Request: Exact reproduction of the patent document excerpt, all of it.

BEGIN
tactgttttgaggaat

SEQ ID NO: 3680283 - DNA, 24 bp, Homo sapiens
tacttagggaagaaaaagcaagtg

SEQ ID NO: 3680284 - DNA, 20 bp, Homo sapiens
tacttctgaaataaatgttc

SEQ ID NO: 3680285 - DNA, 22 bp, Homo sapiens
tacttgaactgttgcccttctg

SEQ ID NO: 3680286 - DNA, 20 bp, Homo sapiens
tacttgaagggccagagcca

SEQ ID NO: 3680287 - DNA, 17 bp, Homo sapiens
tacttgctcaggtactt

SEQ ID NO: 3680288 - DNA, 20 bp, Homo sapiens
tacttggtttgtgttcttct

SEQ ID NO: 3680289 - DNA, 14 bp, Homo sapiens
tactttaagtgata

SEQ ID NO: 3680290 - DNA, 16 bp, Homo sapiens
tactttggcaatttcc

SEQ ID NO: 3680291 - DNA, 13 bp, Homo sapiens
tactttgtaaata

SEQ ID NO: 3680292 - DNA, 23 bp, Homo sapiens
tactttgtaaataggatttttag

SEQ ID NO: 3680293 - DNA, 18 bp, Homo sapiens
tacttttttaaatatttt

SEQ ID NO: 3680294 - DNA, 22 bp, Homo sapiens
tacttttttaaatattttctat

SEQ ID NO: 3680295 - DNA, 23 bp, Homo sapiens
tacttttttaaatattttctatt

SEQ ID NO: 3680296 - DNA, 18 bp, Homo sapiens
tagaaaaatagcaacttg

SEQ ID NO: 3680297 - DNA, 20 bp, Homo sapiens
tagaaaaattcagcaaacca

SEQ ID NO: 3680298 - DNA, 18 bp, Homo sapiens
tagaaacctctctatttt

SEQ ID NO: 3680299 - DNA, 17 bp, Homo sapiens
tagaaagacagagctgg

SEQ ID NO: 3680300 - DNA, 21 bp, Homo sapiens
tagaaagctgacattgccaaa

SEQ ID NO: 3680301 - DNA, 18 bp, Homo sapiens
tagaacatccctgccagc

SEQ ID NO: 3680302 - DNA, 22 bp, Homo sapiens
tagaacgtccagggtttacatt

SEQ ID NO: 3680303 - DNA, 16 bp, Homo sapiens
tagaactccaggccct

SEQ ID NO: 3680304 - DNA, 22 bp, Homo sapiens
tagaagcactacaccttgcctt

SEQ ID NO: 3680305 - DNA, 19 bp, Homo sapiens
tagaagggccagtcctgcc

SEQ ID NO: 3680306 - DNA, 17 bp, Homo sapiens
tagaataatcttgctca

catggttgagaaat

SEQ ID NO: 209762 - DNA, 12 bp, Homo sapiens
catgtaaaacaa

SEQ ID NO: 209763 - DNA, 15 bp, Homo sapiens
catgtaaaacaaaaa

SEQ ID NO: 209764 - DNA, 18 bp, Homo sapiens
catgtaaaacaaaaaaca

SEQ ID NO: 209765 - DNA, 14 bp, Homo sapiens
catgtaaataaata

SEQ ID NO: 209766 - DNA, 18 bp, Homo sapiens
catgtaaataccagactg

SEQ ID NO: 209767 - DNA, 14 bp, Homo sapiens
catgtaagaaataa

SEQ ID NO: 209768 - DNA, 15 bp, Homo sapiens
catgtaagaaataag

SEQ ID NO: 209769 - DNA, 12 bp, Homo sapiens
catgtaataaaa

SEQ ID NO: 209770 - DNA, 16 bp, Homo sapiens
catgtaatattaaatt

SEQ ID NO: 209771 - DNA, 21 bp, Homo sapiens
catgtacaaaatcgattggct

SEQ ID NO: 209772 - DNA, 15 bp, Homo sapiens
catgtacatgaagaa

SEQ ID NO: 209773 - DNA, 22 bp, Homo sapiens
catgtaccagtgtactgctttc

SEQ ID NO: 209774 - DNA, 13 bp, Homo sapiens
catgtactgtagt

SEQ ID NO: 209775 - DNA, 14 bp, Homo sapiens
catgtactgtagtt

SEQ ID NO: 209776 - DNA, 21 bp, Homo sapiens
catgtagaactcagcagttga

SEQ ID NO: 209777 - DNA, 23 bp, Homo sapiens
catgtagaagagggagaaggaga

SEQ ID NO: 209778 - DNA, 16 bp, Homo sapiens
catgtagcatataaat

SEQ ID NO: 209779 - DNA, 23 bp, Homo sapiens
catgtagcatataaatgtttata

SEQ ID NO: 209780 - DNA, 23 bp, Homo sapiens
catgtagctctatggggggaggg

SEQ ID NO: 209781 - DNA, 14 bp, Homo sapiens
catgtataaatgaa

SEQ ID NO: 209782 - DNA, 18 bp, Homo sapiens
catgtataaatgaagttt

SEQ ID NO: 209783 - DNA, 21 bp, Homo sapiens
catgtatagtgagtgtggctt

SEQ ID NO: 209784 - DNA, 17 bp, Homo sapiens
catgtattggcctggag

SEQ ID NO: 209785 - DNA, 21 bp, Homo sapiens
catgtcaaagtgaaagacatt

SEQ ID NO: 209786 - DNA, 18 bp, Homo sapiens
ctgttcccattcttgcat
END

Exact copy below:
tactgttttgaggaat

SEQ ID NO: 3680283 - DNA, 24 bp, Homo sapiens
tacttagggaagaaaaagcaagtg

SEQ ID NO: 3680284 - DNA, 20 bp, Homo sapiens
tacttctgaaataaatgttc

SEQ ID NO: 3680285 - DNA, 22 bp, Homo sapiens
tacttgaactgttgcccttctg

SEQ ID NO: 3680286 - DNA, 20 bp, Homo sapiens
tacttgaagggccagagcca

SEQ ID NO: 3680287 - DNA, 17 bp, Homo sapiens
tacttgctcaggtactt

SEQ ID NO: 3680288 - DNA, 20 bp, Homo sapiens
tacttggtttgtgttcttct

SEQ ID NO: 3680289 - DNA, 14 bp, Homo sapiens
tactttaagtgata

SEQ ID NO: 3680290 - DNA, 16 bp, Homo sapiens
tactttggcaatttcc

SEQ ID NO: 3680291 - DNA, 13 bp, Homo sapiens
tactttgtaaata

SEQ ID NO: 3680292 - DNA, 23 bp, Homo sapiens
tactttgtaaataggatttttag

SEQ ID NO: 3680293 - DNA, 18 bp, Homo sapiens
tacttttttaaatatttt

SEQ ID NO: 3680294 - DNA, 22 bp, Homo sapiens
tacttttttaaatattttctat

SEQ ID NO: 3680295 - DNA, 23 bp, Homo sapiens
tacttttttaaatattttctatt

SEQ ID NO: 3680296 - DNA, 18 bp, Homo sapiens
tagaaaaatagcaacttg

SEQ ID NO: 3680297 - DNA, 20 bp, Homo sapiens
tagaaaaattcagcaaacca

SEQ ID NO: 3680298 - DNA, 18 bp, Homo sapiens
tagaaacctctctatttt

SEQ ID NO: 3680299 - DNA, 17 bp, Homo sapiens
tagaaagacagagctgg

SEQ ID NO: 3680300 - DNA, 21 bp, Homo sapiens
tagaaagctgacattgccaaa

SEQ ID NO: 3680301 - DNA, 18 bp, Homo sapiens
tagaacatccctgccagc

SEQ ID NO: 3680302 - DNA, 22 bp, Homo sapiens
tagaacgtccagggtttacatt

SEQ ID NO: 3680303 - DNA, 16 bp, Homo sapiens
tagaactccaggccct

SEQ ID NO: 3680304 - DNA, 22 bp, Homo sapiens
tagaagcactacaccttgcctt

SEQ ID NO: 3680305 - DNA, 19 bp, Homo sapiens
tagaagggccagtcctgcc

SEQ ID NO: 3680306 - DNA, 17 bp, Homo sapiens
tagaataatcttgctca

catggttgagaaat

SEQ ID NO: 209762 - DNA, 12 bp, Homo sapiens
catgtaaaacaa

SEQ ID NO: 209763 - DNA, 15 bp, Homo sapiens
catgtaaaacaaaaa

SEQ ID NO: 209764 - DNA, 18 bp, Homo sapiens
catgtaaaacaaaaaaca

SEQ ID NO: 209765 - DNA, 14 bp, Homo sapiens
catgtaaataaata

SEQ ID NO: 209766 - DNA, 18 bp, Homo sapiens
catgtaaataccagactg

SEQ ID NO: 209767 - DNA, 14 bp, Homo sapiens
catgtaagaaataa

SEQ ID NO: 209768 - DNA, 15 bp, Homo sapiens
catgtaagaaataag

SEQ ID NO: 209769 - DNA, 12 bp, Homo sapiens
catgtaataaaa

SEQ ID NO: 209770 - DNA, 16 bp, Homo sapiens
catgtaatattaaatt

SEQ ID NO: 209771 - DNA, 21 bp, Homo sapiens
catgtacaaaatcgattggct

SEQ ID NO: 209772 - DNA, 15 bp, Homo sapiens
catgtacatgaagaa

SEQ ID NO: 209773 - DNA, 22 bp, Homo sapiens
catgtaccagtgtactgctttc

SEQ ID NO: 209774 - DNA, 13 bp, Homo sapiens
catgtactgtagt

SEQ ID NO: 209775 - DNA, 14 bp, Homo sapiens
catgtactgtagtt

SEQ ID NO: 209776 - DNA, 21 bp, Homo sapiens
catgtagaactcagcagttga

SEQ ID NO: 209777 - DNA, 23 bp, Homo sapiens
catgtagaagagggagaaggaga

SEQ ID NO: 209778 - DNA, 16 bp, Homo sapiens
catgtagcatataaat

SEQ ID NO: 209779 - DNA, 23 bp, Homo sapiens
catgtagcatataaatgtttata

SEQ ID NO: 209780 - DNA, 23 bp, Homo sapiens
catgtagctctatggggggaggg

SEQ ID NO: 209781 - DNA, 14 bp, Homo sapiens
catgtataaatgaa

SEQ ID NO: 209782 - DNA, 18 bp, Homo sapiens
catgtataaatgaagttt

SEQ ID NO: 209783 - DNA, 21 bp, Homo sapiens
catgtatagtgagtgtggctt

SEQ ID NO: 209784 - DNA, 17 bp, Homo sapiens
catgtattggcctggag

SEQ ID NO: 209785 - DNA, 21 bp, Homo sapiens
catgtcaaagtgaaagacatt

SEQ ID NO: 209786 - DNA, 18 bp, Homo sapiens
ctgttcccattcttgcat